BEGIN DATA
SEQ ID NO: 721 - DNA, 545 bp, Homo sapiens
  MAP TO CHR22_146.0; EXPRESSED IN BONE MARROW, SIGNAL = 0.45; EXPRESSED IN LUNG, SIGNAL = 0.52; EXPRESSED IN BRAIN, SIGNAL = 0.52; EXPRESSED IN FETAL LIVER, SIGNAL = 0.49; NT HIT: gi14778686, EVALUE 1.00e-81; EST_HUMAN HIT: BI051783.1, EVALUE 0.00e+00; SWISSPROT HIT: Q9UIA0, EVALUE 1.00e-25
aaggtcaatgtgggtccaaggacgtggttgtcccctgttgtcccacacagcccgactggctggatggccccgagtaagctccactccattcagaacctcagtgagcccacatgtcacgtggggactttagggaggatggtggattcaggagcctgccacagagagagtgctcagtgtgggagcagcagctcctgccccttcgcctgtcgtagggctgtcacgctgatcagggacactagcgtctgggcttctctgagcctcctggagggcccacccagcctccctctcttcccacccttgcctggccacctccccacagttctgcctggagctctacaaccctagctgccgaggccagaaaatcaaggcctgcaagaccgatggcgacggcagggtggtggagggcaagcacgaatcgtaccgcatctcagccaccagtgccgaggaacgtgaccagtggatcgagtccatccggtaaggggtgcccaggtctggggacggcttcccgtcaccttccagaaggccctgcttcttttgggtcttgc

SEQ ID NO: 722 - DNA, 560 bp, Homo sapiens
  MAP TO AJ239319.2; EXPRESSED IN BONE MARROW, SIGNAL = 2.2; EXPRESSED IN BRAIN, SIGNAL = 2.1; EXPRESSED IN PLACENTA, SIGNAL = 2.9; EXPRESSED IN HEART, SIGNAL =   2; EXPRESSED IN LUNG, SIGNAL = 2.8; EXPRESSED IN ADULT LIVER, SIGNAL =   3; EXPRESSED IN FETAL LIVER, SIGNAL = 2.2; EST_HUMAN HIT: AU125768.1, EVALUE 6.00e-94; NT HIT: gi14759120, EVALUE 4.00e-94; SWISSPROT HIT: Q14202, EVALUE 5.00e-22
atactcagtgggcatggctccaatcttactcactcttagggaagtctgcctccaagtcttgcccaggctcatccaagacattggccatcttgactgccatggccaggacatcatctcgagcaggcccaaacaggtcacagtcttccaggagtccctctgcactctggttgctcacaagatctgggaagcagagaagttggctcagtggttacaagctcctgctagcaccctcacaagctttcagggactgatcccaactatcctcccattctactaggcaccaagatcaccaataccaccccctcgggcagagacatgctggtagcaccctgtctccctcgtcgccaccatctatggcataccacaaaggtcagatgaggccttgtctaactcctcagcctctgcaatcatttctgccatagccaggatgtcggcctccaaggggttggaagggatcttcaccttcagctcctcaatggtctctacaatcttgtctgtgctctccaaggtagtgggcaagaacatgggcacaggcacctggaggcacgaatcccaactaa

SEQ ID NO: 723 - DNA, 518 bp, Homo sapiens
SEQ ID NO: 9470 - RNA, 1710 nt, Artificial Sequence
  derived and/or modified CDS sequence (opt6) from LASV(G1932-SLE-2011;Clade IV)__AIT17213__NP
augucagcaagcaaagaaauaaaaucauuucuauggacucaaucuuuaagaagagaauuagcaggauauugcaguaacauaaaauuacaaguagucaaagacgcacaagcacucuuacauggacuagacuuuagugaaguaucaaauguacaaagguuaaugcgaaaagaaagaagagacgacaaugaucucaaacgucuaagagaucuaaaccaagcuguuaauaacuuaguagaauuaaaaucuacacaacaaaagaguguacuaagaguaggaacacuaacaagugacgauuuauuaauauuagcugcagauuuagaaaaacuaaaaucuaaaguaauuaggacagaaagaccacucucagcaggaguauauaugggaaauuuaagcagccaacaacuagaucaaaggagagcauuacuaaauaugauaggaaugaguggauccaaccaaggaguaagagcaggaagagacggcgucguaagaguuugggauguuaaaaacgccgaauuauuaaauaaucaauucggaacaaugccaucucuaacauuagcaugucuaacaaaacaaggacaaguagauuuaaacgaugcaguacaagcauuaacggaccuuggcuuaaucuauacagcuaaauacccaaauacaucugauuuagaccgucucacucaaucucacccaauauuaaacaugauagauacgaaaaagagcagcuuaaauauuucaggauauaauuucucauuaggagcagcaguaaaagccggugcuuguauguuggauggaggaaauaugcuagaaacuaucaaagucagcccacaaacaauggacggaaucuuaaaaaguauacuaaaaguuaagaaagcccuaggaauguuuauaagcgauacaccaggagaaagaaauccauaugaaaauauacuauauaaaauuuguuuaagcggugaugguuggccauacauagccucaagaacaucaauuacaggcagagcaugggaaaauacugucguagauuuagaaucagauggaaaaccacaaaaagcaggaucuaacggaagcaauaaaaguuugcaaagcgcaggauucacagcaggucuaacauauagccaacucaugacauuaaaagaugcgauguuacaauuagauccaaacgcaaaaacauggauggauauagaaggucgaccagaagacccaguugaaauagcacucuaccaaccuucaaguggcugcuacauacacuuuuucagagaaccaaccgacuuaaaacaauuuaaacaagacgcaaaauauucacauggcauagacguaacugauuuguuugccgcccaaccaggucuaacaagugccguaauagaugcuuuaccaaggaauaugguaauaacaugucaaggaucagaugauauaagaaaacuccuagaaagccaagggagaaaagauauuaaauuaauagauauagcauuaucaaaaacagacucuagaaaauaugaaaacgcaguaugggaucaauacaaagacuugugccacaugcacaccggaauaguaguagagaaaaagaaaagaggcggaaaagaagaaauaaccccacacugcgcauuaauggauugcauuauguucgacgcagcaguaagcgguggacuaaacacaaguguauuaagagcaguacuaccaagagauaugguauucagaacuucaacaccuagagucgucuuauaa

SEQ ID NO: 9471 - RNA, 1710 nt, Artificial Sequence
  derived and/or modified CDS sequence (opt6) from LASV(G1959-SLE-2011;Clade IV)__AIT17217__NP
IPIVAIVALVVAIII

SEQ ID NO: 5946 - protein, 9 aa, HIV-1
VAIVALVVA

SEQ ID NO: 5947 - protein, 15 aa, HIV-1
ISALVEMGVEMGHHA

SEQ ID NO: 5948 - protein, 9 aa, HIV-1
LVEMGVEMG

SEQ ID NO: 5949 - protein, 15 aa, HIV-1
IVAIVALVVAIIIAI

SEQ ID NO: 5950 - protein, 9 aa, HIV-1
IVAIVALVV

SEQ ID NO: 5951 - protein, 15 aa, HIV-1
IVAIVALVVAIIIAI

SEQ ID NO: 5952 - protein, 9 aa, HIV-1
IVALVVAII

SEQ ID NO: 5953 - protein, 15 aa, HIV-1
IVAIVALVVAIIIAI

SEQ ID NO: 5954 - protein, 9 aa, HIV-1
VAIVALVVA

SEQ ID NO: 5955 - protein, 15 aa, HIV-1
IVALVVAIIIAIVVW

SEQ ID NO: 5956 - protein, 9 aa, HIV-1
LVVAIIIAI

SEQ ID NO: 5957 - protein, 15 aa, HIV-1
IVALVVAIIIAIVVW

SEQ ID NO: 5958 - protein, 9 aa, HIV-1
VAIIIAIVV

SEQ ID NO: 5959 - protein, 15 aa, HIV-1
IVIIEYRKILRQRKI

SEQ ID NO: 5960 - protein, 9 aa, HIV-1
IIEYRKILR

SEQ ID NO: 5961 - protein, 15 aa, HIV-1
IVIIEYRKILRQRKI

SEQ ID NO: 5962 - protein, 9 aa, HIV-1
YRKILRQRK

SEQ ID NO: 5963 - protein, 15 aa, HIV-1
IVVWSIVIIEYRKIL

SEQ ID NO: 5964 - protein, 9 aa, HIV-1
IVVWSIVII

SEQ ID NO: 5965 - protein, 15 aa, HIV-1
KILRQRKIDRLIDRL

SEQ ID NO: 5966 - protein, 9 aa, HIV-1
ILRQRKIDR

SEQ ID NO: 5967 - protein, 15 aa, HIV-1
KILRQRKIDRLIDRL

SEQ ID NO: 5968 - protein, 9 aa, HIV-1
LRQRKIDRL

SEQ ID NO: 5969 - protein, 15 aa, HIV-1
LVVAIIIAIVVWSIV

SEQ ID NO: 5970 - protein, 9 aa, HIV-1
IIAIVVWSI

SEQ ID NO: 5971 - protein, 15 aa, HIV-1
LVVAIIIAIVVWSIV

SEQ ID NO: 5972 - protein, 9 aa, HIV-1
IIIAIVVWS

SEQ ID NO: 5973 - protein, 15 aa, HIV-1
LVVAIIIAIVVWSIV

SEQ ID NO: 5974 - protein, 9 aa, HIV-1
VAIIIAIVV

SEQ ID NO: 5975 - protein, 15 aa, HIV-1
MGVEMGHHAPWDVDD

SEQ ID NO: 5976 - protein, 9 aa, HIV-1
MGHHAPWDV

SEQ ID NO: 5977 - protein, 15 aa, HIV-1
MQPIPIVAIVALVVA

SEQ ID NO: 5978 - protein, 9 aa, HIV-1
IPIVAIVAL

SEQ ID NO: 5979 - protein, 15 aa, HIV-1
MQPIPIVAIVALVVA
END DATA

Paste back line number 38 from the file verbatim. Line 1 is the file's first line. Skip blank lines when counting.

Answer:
SEQ ID NO: 5958 - protein, 9 aa, HIV-1